TIGAR overexpression diminishes radiosensitivity of parotid gland fibroblast cells and inhibits IR-induced cell autophagy.
ABSTRACT: Our previous study proved that TP53-induced glycolysis and apoptosis regulator (TIGAR) abrogation is able to radiosensitize glioma cells. Whether TIGAR over-expression has radio-protective effect in human parotid gland cells is still unknown. In this study human parotid gland fibroblast Hs 917.T cells were transfected with pcDNA3.1-TIGAR, and clonogenic assay was performed to investigate the radiosensitivity of Hs 917.T cells over-expressing pcDNA3.1 or pcDNA3.1-TIGAR. Western blot was carried out to demonstrate the autophagy activity of cells being irradiated, and immunofluorescence assay was used to evaluate the DNA damage repair process of irradiated Hs 917.T cells. It was revealed that TIGAR over-expression could diminish the radiosensitivity of Hs 917.T cells, and the autophagy level induced by ionizing radiation (IR) was also decreased by TIGAR transfection. The mechanism might rely on TIGAR over-expression induced ROS scavenging and NADPH increasing. Using autophagy inhibitor, it was also elaborated that IR-induced autophagy in Hs 917.T cells was protective autophagy but not traumatic autophagy.
Project description:<h4>Objective</h4>Hyposalivation-related xerostomia is an irreversible, untreatable, and frequent condition after radiotherapy for head and neck cancer. Stem cell therapy is an attractive option of treatment, but demands knowledge of stem cell functioning. Therefore, we aimed to develop a murine parotid gland organoid model to explore radiation response of stem cells in vitro.<h4>Materials and methods</h4>Single cells derived from murine parotid gland organoids were passaged in Matrigel with defined medium to assess self-renewal and differentiation potential. Single cells were irradiated and plated in a 3D clonogenic stem cell survival assay to assess submandibular and parotid gland radiation response.<h4>Results</h4>Single cells derived from parotid gland organoids were able to extensively self-renew and differentiate into all major tissue cell types, indicating the presence of potential stem cells. FACS selection for known salivary gland stem cell markers CD24/CD29 did not further enrich for stem cells. The parotid gland organoid-derived stem cells displayed radiation dose-response curves similar to the submandibular gland.<h4>Conclusions</h4>Murine parotid gland organoids harbor stem cells with long-term expansion and differentiation potential. This model is useful for mechanistic studies of stem cell radiation response and suggests similar radiosensitivity for the parotid and submandibular gland organoids.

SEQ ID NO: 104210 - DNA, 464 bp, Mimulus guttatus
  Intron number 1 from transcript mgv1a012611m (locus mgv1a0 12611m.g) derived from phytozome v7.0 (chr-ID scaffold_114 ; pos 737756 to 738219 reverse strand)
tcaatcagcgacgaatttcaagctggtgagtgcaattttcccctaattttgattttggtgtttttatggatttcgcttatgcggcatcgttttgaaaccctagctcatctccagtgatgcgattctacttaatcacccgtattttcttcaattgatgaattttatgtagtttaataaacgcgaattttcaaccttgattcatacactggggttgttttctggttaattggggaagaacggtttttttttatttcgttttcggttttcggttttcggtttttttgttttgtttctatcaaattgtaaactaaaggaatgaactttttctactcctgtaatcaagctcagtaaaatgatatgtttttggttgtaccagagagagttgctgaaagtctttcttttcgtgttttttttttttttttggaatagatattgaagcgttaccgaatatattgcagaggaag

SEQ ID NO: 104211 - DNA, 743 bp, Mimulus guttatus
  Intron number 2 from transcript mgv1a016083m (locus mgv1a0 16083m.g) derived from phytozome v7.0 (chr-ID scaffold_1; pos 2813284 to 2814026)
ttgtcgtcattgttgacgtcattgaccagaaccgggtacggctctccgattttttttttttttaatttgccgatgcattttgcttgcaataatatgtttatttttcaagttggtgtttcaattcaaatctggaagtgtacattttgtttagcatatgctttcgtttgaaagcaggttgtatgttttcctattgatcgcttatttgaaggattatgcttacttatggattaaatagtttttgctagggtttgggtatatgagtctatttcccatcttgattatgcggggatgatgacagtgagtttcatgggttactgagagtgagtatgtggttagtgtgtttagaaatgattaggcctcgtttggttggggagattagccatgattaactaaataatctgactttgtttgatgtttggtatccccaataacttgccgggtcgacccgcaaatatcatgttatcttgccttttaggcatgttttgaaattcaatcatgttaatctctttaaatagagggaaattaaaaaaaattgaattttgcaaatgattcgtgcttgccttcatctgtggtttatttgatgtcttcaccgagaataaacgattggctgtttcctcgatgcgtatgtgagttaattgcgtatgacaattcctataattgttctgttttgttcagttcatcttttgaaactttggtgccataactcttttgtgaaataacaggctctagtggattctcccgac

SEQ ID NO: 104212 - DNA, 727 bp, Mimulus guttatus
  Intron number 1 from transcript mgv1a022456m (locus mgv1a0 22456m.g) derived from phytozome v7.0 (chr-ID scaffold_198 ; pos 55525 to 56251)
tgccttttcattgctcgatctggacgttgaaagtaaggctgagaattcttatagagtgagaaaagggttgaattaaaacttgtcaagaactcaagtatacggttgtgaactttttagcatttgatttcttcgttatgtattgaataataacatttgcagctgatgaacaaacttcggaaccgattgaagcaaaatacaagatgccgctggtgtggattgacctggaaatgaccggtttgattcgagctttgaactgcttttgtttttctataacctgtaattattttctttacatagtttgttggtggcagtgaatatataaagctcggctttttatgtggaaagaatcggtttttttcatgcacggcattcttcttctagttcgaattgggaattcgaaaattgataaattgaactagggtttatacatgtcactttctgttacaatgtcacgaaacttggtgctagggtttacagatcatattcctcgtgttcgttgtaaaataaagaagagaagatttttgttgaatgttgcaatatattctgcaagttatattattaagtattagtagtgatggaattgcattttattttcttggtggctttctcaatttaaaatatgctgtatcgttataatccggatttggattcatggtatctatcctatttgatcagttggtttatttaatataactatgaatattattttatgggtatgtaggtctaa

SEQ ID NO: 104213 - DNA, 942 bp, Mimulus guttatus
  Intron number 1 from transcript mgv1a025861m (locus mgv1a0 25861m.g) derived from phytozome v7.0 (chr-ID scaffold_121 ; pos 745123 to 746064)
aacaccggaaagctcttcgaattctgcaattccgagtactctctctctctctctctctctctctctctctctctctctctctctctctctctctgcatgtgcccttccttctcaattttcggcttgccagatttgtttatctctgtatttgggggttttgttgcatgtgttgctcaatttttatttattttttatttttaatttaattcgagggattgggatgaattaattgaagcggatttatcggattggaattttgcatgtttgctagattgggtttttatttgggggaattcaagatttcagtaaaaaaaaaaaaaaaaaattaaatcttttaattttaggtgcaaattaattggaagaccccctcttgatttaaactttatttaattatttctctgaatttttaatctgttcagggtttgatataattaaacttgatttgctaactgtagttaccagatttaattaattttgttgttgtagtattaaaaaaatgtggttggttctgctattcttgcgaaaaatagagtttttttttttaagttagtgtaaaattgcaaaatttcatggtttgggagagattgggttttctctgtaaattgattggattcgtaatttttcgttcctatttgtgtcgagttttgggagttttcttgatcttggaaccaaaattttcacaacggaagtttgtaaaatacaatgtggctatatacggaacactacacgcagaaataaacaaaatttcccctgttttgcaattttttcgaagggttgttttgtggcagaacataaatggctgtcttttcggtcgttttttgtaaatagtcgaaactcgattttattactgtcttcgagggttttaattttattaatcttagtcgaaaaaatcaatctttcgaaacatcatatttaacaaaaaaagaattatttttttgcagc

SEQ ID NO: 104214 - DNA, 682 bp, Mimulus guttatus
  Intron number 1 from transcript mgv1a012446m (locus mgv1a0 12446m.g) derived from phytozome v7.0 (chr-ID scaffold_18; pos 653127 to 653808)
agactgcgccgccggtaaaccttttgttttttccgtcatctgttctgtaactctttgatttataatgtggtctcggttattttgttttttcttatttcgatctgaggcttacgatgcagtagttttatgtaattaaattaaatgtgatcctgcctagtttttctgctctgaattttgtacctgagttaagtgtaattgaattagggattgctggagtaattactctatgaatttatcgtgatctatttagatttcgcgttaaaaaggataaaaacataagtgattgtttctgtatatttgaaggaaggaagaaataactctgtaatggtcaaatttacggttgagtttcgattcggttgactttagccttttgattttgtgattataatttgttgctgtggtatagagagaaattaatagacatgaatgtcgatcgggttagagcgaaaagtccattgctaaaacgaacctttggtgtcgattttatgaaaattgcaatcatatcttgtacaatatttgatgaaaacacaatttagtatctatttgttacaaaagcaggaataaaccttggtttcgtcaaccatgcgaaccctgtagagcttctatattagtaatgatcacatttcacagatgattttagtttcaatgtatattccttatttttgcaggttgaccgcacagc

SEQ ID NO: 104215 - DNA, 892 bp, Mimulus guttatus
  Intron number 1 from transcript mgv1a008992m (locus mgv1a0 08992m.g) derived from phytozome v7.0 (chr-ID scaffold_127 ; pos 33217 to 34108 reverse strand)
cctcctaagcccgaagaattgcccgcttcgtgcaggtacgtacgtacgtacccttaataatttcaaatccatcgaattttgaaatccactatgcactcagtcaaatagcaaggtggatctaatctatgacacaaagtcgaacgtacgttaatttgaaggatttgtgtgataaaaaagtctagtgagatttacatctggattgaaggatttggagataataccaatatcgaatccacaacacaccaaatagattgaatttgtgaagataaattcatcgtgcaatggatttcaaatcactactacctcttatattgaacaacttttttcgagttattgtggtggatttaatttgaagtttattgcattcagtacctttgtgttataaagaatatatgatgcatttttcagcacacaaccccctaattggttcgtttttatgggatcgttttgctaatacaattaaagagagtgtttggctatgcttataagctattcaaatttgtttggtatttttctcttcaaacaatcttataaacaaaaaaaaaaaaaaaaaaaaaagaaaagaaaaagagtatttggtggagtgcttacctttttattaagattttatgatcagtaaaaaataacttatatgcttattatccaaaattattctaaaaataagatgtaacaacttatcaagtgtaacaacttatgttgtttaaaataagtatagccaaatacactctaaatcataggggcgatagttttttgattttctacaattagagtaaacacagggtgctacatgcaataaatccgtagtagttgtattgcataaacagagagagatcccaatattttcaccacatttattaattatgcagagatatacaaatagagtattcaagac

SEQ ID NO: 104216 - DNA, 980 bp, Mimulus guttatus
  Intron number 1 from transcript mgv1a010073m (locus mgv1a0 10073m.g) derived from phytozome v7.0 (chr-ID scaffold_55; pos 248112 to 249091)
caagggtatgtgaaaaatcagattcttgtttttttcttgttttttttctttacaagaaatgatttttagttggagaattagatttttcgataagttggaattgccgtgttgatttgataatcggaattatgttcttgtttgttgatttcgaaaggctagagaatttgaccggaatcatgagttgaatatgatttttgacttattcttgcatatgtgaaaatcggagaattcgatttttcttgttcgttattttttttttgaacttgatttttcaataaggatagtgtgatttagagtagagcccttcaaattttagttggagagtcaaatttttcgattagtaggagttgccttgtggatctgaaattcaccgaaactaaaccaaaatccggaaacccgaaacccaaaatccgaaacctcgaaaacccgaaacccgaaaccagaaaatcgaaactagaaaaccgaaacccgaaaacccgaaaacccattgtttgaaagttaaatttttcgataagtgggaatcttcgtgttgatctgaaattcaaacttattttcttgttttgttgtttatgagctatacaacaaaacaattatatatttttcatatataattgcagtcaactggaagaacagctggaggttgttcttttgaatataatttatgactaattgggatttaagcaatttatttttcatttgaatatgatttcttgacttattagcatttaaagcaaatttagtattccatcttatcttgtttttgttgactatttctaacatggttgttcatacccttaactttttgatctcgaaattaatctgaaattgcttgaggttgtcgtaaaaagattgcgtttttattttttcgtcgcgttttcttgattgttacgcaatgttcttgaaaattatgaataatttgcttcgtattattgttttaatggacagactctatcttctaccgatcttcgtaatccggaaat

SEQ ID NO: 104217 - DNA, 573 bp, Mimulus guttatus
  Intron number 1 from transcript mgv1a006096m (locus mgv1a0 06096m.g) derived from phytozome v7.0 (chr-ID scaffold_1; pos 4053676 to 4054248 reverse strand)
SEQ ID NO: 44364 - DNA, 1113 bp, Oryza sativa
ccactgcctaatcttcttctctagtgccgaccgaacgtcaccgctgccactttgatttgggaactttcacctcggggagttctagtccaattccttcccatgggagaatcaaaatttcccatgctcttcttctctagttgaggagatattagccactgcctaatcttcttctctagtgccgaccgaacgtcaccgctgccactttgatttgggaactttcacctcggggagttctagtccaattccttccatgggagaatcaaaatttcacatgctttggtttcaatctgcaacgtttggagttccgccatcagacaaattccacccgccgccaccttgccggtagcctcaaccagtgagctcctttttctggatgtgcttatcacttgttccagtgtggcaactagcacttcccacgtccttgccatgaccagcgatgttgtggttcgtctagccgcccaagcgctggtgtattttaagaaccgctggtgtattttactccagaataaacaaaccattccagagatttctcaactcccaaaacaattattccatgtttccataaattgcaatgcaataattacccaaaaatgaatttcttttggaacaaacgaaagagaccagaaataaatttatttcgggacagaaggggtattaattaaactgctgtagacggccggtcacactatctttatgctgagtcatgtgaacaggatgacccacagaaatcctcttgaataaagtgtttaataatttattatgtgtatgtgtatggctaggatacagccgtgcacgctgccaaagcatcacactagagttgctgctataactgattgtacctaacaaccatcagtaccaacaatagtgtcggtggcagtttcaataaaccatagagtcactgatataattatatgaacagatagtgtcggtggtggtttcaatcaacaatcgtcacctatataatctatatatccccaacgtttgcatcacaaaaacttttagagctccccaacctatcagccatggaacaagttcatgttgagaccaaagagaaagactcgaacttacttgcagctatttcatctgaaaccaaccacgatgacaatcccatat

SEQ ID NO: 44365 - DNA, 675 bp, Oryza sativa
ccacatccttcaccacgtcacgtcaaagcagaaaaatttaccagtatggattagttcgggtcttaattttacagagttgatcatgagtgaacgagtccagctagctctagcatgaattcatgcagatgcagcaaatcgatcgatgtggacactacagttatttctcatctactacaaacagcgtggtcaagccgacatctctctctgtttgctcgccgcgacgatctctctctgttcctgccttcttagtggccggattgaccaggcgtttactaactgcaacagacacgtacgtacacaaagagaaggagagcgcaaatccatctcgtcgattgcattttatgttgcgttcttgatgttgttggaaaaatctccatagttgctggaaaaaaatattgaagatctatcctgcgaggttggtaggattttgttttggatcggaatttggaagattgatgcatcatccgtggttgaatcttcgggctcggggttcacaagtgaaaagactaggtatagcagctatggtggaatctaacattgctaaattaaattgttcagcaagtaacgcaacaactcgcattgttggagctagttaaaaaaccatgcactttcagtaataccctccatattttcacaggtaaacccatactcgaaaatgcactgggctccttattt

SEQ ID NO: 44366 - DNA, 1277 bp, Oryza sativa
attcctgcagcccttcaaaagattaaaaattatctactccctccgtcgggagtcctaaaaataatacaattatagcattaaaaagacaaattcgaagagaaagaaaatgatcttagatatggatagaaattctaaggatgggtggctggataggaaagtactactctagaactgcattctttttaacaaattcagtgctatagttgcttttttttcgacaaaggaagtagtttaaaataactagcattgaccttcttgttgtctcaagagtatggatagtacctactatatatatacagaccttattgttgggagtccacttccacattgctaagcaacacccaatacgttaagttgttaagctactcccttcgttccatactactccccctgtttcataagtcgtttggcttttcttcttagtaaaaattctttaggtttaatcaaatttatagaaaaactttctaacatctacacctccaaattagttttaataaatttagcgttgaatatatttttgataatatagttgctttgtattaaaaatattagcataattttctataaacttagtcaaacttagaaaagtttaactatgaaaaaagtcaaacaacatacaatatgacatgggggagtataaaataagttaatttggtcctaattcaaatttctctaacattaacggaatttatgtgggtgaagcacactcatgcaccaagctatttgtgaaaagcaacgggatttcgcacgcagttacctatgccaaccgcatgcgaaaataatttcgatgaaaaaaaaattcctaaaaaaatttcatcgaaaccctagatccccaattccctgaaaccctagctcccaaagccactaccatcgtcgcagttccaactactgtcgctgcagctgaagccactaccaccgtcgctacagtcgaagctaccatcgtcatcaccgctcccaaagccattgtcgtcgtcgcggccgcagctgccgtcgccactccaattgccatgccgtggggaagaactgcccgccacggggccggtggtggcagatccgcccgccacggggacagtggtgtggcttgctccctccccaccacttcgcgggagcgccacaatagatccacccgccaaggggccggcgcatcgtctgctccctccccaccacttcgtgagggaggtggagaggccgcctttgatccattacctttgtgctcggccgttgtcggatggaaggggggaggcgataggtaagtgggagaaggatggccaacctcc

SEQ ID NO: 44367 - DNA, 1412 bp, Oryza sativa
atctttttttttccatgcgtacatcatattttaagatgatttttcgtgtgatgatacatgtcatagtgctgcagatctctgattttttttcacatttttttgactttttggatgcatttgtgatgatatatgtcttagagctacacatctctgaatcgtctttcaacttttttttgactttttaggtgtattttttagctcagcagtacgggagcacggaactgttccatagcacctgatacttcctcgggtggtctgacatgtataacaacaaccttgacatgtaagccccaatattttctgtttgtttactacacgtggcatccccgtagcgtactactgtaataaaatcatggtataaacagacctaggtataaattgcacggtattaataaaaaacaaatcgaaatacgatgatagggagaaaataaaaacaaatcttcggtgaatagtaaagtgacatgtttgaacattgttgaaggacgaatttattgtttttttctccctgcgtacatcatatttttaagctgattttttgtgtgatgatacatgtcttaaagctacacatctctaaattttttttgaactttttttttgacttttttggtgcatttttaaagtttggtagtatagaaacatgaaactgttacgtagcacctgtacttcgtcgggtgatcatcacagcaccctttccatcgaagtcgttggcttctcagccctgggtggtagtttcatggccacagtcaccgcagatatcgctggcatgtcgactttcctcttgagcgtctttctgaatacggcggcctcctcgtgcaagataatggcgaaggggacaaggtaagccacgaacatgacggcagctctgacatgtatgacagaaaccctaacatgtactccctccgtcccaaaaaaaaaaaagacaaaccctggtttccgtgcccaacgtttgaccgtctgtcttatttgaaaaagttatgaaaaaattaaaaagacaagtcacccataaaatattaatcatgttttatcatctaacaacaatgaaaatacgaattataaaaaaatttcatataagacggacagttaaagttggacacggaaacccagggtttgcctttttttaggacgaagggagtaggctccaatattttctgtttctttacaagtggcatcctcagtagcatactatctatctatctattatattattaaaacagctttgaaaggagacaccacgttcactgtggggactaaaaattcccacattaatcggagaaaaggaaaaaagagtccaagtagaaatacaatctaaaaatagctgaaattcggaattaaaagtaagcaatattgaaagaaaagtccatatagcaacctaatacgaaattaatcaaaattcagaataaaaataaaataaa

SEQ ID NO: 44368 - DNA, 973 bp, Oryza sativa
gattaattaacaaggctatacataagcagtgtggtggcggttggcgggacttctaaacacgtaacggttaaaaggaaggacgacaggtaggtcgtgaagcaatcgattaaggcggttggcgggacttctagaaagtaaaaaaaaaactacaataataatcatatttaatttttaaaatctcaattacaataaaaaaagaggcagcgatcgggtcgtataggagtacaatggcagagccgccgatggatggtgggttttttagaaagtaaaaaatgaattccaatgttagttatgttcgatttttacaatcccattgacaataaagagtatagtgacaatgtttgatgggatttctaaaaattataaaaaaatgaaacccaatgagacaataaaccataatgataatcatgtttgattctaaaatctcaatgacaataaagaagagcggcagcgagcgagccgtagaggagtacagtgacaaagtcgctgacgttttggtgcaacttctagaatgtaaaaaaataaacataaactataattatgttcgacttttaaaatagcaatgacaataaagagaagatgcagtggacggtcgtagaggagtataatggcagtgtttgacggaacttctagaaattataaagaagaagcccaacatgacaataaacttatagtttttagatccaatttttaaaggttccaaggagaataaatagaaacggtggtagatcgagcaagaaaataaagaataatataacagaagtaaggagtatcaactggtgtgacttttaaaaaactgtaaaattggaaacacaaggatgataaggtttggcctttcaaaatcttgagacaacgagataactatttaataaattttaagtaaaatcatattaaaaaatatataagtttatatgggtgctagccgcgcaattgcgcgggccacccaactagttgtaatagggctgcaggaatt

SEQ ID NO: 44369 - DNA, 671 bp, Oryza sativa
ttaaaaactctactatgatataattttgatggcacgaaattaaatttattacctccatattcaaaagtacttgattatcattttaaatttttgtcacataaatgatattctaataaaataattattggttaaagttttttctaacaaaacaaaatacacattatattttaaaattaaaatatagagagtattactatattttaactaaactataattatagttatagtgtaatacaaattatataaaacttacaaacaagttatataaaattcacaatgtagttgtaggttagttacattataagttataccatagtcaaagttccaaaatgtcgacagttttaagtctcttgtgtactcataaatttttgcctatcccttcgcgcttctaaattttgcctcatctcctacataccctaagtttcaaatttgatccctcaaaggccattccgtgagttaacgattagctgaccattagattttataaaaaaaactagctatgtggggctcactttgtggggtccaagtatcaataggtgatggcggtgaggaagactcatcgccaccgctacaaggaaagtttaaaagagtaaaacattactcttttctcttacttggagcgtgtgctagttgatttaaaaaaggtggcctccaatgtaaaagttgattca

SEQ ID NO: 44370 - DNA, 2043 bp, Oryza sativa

Project description:The up-regulation of thioredoxin reductase-1 (TrxR1) is detected in more than half of gliomas, which is significantly associated with increased malignancy grade and recurrence rate. The biological functions of NADPH-dependent TrxR1 are mainly associated with reduced thioredoxin-1 (Trx1) which plays critical roles in cellular redox signaling and tumour radio-resistance. Our previous work has proved that TP53 induced glycolysis and apoptosis regulator (TIGAR) knockdown could notably radiosensitize glioma cells. However, whether TrxR1-overexpressing glioma cells could be re-radiosensitized by TIGAR silence is still far from clear. In the present study, TrxR1 was stably over-expressed in U-87MG and T98G glioma cells. Both in vitro and in vivo data demonstrated that the radiosensitivity of glioma cells was considerably diminished by TrxR1 overexpression. TIGAR abrogation was able to radiosensitize TrxR1-overexpressing gliomas by inhibiting IR-induced Trx1 nuclear transport. Post-radiotherapy, TIGAR low-expression predicted significant longer survival time for animals suffering from TrxR1-overexpessing xenografts, which suggested that TIGAR abrogation might be a promising strategy for radiosensitizing TrxR1-overexpressing glial tumours.